|Emergency Breakdown Kit
A recent inquiry addressed "What should be carried in a
Porsche to get going after a break down? All cars need a few basics, starting
off with flashlight, batteries, first aid kit, road flares, a clean rag or two.
As for Porsches there are some
special things that are required to do the simplest things. The Porsche Tool Kit has
screwdrivers, wrenches, tow lug. etc. and the basic special tools for that particular
model. The most common 911 tool kit item needed is the fan belt tools and the replacement
belts.. You are going to need those tools to change the belts.
The first thing you need to do is find out
what you have. Start by checking your owners manual. If you dont have one start
right there and get one. This is a great reference for finding things and understanding
how they work.
Fuse and light bulbs are a good item to carry
along in a small box so as to not break the bulbs. Fuses are necessary for replacement not
only when they blow, but before. Fuses that look wavy and bent are very worn out from the
high current flowing through them. Discolored or corroded fuses should be replaced as
well. Carry a spare fan belt in a sealed plastic bag (this slows ozone deterioration).
Why not carry a tool box in your Porsche?
Those small hardware store specials are all yon need or use one of the goodie bags from a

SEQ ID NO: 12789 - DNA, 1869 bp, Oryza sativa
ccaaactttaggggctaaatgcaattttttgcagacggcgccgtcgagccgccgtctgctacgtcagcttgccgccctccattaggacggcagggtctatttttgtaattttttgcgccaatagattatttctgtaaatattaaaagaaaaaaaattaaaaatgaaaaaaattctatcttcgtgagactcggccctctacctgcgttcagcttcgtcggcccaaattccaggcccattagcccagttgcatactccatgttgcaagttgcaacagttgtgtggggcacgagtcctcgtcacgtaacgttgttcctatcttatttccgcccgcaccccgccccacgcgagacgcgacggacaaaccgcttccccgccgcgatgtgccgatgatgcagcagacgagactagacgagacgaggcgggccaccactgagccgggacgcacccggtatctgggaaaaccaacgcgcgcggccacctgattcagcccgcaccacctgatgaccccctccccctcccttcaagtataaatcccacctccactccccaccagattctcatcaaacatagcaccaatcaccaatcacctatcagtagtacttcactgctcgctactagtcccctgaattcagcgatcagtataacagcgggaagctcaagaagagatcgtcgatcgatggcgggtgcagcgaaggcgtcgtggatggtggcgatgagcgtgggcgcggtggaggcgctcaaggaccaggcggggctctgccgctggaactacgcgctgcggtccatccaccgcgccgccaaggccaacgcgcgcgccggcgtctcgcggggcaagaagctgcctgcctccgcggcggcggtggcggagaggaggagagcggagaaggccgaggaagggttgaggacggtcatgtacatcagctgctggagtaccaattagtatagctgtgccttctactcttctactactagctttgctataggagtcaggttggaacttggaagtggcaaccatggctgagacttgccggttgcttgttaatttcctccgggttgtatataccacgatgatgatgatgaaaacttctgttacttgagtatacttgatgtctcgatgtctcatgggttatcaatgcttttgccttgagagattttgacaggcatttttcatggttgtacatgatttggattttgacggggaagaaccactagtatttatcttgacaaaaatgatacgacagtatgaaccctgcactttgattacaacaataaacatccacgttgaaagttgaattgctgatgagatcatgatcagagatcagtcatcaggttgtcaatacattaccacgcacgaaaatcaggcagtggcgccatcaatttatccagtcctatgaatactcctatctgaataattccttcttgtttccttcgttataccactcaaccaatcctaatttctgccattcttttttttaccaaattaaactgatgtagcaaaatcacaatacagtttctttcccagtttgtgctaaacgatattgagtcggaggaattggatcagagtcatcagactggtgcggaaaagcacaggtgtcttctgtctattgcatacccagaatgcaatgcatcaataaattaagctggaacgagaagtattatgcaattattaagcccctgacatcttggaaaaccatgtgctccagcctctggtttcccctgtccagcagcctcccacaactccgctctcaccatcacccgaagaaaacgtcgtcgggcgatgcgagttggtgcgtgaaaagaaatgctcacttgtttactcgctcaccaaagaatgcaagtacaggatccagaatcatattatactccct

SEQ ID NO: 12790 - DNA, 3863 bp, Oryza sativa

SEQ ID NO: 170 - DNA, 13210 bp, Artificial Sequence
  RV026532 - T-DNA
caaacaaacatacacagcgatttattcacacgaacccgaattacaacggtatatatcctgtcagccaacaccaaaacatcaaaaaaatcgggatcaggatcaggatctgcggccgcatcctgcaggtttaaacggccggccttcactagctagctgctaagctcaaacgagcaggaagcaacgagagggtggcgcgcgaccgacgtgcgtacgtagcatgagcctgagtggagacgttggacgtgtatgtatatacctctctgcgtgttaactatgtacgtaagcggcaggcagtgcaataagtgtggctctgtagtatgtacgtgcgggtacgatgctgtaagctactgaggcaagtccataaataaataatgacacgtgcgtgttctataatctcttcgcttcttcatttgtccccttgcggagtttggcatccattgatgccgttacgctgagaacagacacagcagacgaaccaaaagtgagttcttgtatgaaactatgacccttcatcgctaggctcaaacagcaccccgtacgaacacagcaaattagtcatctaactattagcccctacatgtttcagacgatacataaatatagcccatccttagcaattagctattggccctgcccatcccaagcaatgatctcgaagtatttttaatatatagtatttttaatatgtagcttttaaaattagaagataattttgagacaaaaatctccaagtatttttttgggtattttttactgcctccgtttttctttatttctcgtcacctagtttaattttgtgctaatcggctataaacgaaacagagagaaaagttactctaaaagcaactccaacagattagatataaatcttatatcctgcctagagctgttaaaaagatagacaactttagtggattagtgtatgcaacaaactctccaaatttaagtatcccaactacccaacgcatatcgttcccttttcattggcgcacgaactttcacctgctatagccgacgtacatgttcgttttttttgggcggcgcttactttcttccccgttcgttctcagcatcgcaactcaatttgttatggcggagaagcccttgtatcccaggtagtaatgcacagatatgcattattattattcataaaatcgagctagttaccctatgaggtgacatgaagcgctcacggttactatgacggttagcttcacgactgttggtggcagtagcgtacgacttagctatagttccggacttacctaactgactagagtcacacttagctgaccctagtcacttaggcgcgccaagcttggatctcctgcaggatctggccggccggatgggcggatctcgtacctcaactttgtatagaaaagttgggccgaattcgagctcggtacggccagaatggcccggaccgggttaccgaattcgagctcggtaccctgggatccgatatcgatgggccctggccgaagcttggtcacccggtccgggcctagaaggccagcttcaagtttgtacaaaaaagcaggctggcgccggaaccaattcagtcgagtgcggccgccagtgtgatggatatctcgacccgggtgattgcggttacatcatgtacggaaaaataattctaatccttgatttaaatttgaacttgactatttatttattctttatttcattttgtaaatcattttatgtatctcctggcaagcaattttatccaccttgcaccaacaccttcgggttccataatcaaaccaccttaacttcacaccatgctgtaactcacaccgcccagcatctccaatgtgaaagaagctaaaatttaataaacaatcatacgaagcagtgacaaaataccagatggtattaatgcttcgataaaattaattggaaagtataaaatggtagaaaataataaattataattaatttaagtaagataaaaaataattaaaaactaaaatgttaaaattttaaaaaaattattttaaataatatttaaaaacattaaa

parade you have attended. What to put inside?
- An adjustable wrench. 10 inch
- A set of 7mm to 19mm wrenches.
- A small socket set 3 to 17 mm.
- A ½" drive 19mm deep socket.
- A ½" dr. Breaker Bar & a 4" extension.
- A Fuel mixture Allen wrench for 1973.
- A small mirror
- One fuel nozzle
- A hex key wrench (Allen) 2 thin It) mm.
- A Tube of Bosch Ignition Grease (Great stuff for any lubrication use)
- A Spark plug socket and a 3" extension
- A Spark plug connector
- A Spark plug
- A small roll of Electricians tape
- A Red Relay for Fuel Pump or 3-4 Fan
- Belt shims.
- A small knife.
- A small capsule of Coins
- A assortment of nuts, bolts, washers.
This is a pretty good list of things I carry in my own 911. 1
rarely ever need to use them but I like to know they are there. Note: The little plastic
bottles that come with your new roll of film are good containers for your small parts. If
they are not see through, put a label on them.
Fan Belt Replacement on a 911
The first thing to do before
changing a fan belt is to gather the tools. Do you have the fan pulley holder tool? This
item is necessary to remove and install the fan belt. Replacing the fan belt on a 911
requires the tool kits fan nut wrench to remove the fan pulley retaining nut and the
holding tool. This is a steel flat bar about 13" long and has a half moon cut
out to fit around the fan pulley hub with two holder pins (65-77). The
1978-79 holder has a single hook pin. If your 911 tool kit does not have these basic
tools, get them. Your dealer can order the exact ones as can Porsche Catalog Suppliers.
When replacing the 911 fan belt you will
remove the fan pulley nut by holding the pulley with the holding tool. As the nut loosens
the dome washer behind the nut will loosen also. As the nut, dome washer, and the pulley
are removed you will see some shims behind the dome washer. You will also see more shims
on the other side of the fan pulley. There are usually six total. These six shims are
necessary to set the proper tension on the new belt and correctly space the pulley. Start
with three on each side of the pulley. Use a little BOSCH grease in each shim to get them
to stick together. New belts are a little stiff and you need to carefully slide three